US 'not surprised' at details in Afghan war files leak
The White House has denounced a massive leak of secret military files that allegedly describe how Pakistan's spy service aids the Afghan insurgency, but said the information was no surprise. In all, 92,000 documents were released by the web whistleblower Wikileaks, containing previously untold details of the Afghan war through Pentagon files and field reports spanning from 2004 to 2010.
Britain's Guardian newspaper said the files, many of which detail growing numbers of civilians dying at the hands of international forces as well as the Taliban, painted "a devastating portrait of the failing war in Afghanistan". According to the New York Times, one of the first three media outlets to review and report on the leaks, they "suggest that Pakistan, an ostensible ally of the United States, allows representatives of its spy service to meet directly with the Taliban".
The White House issued its condemnation shortly before the leaks were posted online, saying the information could endanger US lives but also pointing to the administration's long-held doubts about links between Pakistan intelligence agents and Afghan insurgents. "The United States strongly condemns the disclosure of classified information by individuals and organisations which could put the lives of Americans and our partners at risk, and threaten our national security," said the White House national security advisor James Jones.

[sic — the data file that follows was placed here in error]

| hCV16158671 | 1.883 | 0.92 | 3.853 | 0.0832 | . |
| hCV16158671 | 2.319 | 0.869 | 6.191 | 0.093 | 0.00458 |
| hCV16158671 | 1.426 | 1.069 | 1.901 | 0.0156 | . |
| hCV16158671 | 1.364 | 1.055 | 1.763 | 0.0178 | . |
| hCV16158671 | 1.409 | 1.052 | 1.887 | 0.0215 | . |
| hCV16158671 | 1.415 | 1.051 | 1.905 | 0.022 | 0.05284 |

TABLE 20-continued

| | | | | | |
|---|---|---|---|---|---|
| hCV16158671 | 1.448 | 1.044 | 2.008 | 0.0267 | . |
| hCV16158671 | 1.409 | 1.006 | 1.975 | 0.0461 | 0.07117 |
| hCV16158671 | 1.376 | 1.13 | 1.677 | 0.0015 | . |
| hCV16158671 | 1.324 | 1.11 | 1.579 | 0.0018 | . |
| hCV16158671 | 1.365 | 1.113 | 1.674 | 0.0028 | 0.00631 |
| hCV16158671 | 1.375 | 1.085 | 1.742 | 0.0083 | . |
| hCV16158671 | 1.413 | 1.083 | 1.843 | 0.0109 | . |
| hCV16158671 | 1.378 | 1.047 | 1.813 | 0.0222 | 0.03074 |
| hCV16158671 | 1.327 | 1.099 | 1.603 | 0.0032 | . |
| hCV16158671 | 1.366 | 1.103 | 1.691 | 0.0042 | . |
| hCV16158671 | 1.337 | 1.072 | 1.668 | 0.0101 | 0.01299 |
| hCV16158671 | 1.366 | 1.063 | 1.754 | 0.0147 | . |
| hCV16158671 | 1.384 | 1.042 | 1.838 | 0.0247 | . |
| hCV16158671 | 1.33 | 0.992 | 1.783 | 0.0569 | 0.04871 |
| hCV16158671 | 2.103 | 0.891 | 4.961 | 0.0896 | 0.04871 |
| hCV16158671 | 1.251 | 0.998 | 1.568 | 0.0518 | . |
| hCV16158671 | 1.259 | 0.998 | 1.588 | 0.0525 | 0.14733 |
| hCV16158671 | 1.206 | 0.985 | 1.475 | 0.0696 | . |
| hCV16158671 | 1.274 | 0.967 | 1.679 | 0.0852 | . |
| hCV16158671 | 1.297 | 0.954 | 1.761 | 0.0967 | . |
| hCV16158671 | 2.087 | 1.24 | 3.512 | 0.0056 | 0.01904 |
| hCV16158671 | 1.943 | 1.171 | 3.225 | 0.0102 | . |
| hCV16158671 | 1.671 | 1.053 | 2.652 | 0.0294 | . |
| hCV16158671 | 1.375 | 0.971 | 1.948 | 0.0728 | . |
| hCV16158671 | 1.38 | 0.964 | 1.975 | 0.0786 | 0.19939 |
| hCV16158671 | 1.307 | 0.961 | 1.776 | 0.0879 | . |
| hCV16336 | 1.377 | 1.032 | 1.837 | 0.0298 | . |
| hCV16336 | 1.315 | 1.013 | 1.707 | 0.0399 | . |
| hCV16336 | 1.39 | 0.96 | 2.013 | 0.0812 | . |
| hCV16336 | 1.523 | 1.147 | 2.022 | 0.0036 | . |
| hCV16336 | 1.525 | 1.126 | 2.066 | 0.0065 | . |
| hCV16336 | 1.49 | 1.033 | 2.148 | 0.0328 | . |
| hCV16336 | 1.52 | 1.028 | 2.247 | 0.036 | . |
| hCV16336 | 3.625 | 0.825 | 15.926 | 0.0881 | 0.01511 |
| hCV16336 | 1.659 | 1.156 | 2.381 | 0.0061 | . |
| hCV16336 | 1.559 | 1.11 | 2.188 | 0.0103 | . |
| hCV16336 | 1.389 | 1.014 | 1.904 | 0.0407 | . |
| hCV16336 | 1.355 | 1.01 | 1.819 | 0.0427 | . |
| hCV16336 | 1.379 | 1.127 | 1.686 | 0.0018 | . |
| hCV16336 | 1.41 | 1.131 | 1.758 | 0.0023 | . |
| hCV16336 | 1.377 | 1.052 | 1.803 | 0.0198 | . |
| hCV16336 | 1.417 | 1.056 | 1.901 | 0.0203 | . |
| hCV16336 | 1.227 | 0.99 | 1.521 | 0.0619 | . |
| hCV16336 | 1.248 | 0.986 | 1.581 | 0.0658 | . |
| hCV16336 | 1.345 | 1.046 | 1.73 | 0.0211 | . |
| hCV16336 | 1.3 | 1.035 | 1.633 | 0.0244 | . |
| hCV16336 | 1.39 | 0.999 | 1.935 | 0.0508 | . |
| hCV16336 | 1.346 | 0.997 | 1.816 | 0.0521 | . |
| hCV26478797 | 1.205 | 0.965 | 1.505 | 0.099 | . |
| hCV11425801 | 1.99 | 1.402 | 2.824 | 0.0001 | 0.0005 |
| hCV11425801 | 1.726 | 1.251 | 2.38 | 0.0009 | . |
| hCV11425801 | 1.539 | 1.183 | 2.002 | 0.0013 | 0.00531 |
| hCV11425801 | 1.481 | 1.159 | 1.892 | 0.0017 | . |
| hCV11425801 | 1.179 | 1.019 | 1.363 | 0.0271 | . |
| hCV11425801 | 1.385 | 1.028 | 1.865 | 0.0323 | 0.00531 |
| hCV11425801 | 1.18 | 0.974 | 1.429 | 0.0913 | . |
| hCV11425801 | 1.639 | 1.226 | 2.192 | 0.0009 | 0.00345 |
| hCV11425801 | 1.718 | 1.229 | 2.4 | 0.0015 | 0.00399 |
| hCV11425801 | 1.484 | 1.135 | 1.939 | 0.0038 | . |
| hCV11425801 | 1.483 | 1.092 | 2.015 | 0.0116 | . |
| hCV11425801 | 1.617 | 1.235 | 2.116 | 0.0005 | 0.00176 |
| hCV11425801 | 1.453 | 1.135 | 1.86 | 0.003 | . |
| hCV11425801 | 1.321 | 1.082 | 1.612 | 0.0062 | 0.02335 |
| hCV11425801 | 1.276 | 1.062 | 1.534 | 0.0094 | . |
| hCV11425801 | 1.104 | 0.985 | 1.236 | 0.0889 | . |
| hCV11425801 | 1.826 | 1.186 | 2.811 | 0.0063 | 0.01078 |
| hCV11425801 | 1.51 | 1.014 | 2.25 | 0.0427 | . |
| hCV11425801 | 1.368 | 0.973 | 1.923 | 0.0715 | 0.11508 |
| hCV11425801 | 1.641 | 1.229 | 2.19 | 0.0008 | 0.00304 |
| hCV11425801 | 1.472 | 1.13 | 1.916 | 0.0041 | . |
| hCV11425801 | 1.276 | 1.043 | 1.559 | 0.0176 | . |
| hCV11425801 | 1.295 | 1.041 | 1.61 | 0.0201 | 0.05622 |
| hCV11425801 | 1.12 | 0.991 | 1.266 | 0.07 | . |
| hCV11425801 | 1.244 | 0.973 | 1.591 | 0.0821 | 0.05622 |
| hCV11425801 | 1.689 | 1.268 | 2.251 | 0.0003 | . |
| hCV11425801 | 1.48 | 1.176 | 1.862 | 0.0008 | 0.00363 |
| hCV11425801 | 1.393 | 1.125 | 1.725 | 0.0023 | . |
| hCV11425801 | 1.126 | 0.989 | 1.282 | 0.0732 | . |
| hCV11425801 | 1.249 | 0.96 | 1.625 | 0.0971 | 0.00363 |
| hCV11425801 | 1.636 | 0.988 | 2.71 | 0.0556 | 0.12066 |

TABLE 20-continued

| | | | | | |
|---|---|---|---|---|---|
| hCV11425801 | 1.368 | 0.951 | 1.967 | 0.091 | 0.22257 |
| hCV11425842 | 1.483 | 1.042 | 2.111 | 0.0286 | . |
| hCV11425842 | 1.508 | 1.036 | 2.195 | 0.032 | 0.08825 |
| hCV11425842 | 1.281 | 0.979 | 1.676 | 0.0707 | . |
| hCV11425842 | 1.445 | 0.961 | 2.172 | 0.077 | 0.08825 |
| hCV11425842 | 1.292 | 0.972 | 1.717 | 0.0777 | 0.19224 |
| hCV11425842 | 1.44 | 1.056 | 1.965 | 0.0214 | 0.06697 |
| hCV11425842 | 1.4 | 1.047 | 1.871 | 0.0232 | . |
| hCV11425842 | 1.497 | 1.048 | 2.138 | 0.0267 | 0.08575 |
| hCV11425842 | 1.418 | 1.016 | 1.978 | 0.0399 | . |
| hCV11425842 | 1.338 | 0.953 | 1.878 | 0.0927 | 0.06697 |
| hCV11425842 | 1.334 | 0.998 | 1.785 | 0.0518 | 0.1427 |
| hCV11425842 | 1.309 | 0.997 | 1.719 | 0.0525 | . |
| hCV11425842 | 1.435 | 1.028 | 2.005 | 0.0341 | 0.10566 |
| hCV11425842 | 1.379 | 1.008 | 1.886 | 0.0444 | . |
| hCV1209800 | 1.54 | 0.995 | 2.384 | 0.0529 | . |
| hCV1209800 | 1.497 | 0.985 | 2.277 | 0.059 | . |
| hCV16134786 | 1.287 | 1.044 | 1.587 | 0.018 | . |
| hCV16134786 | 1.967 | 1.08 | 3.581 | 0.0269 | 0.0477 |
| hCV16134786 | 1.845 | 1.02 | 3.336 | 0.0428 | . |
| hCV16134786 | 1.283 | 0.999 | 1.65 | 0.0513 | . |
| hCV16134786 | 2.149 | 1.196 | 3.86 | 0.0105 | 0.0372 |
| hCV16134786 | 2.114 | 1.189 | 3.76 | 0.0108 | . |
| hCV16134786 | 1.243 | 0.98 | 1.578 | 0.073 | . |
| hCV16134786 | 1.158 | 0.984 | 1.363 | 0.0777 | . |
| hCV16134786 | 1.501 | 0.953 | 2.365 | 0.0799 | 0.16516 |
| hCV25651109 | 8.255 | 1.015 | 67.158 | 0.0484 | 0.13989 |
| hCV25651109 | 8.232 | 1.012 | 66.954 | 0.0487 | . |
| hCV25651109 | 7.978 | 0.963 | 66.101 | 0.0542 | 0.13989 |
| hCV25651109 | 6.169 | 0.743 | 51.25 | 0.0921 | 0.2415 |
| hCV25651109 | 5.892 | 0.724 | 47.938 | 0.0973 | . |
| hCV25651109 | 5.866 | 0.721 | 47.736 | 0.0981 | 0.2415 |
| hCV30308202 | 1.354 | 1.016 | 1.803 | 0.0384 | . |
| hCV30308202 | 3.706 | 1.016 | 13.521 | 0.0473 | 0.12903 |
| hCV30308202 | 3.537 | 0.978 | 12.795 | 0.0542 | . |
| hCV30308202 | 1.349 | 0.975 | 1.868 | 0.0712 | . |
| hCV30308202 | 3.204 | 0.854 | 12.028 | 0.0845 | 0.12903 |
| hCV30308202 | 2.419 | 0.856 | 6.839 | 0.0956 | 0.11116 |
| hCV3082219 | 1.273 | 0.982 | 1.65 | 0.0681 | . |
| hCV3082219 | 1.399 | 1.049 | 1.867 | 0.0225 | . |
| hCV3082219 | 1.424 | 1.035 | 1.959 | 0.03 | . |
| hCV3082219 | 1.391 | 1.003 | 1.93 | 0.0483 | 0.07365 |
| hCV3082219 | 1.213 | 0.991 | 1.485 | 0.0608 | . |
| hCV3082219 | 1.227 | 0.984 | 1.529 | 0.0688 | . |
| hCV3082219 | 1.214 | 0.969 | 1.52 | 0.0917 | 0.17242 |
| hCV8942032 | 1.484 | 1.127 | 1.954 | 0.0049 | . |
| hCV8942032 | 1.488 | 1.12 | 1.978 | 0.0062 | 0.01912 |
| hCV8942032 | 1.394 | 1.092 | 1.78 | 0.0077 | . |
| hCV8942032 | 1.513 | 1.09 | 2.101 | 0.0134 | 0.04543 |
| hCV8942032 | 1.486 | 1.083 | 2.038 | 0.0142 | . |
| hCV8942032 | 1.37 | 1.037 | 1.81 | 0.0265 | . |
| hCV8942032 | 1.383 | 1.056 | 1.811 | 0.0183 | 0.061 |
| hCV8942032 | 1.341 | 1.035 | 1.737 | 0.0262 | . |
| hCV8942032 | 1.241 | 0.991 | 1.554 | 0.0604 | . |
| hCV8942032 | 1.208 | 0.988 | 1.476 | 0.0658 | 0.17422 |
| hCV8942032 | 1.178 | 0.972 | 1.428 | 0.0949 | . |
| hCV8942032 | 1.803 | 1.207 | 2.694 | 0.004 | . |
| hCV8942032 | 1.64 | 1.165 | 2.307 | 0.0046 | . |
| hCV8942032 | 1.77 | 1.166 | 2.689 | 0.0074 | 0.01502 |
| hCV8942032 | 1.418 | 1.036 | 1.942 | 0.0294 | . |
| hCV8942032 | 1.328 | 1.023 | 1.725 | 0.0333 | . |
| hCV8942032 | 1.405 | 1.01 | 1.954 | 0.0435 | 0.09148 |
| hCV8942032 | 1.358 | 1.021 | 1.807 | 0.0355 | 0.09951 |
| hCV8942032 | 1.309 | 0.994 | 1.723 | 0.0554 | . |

"These irresponsible leaks will not impact our ongoing commitment to deepen our partnerships with Afghanistan and Pakistan; to defeat our common enemies; and to support the aspirations of the Afghan and Pakistani people." The White House also released a series of remarks made in the past by top officials expressing their concern about links between Pakistan spy services and militants in Afghanistan.
Among them was one from the Defence Secretary Robert Gates dated March 31, 2009: "The ISI's contacts with [extremist groups] are a real concern to us, and we have made these concerns known directly to the Pakistanis," referring to Pakistan's Inter-Services Intelligence spy agency. The New York Times said it, along with the Guardian and the German magazine Der Spiegel, had received the leaked material several weeks ago from Wikileaks, a secretive web organisation that often publishes classified material.
The source of leak was unknown. The last person suspected of providing classified material to the outlet is an American soldier who has been charged with two counts of misconduct for allegedly providing video footage of a US Apache helicopter strike in Iraq in which about a dozen people were gunned down in broad daylight. Describing "secret strategy sessions", the Times said Pakistan spy services "organise networks of militant groups that fight against American soldiers in Afghanistan, and even hatch plots to assassinate Afghan leaders".
The Times added that "much of the information - raw intelligence and threat assessments gathered from the field in Afghanistan - cannot be verified and likely comes from sources aligned with Afghan intelligence, which considers Pakistan an enemy, and paid informants". The leaked documents can be viewed here * AFP
Published: July 26, 2010 04:00 AM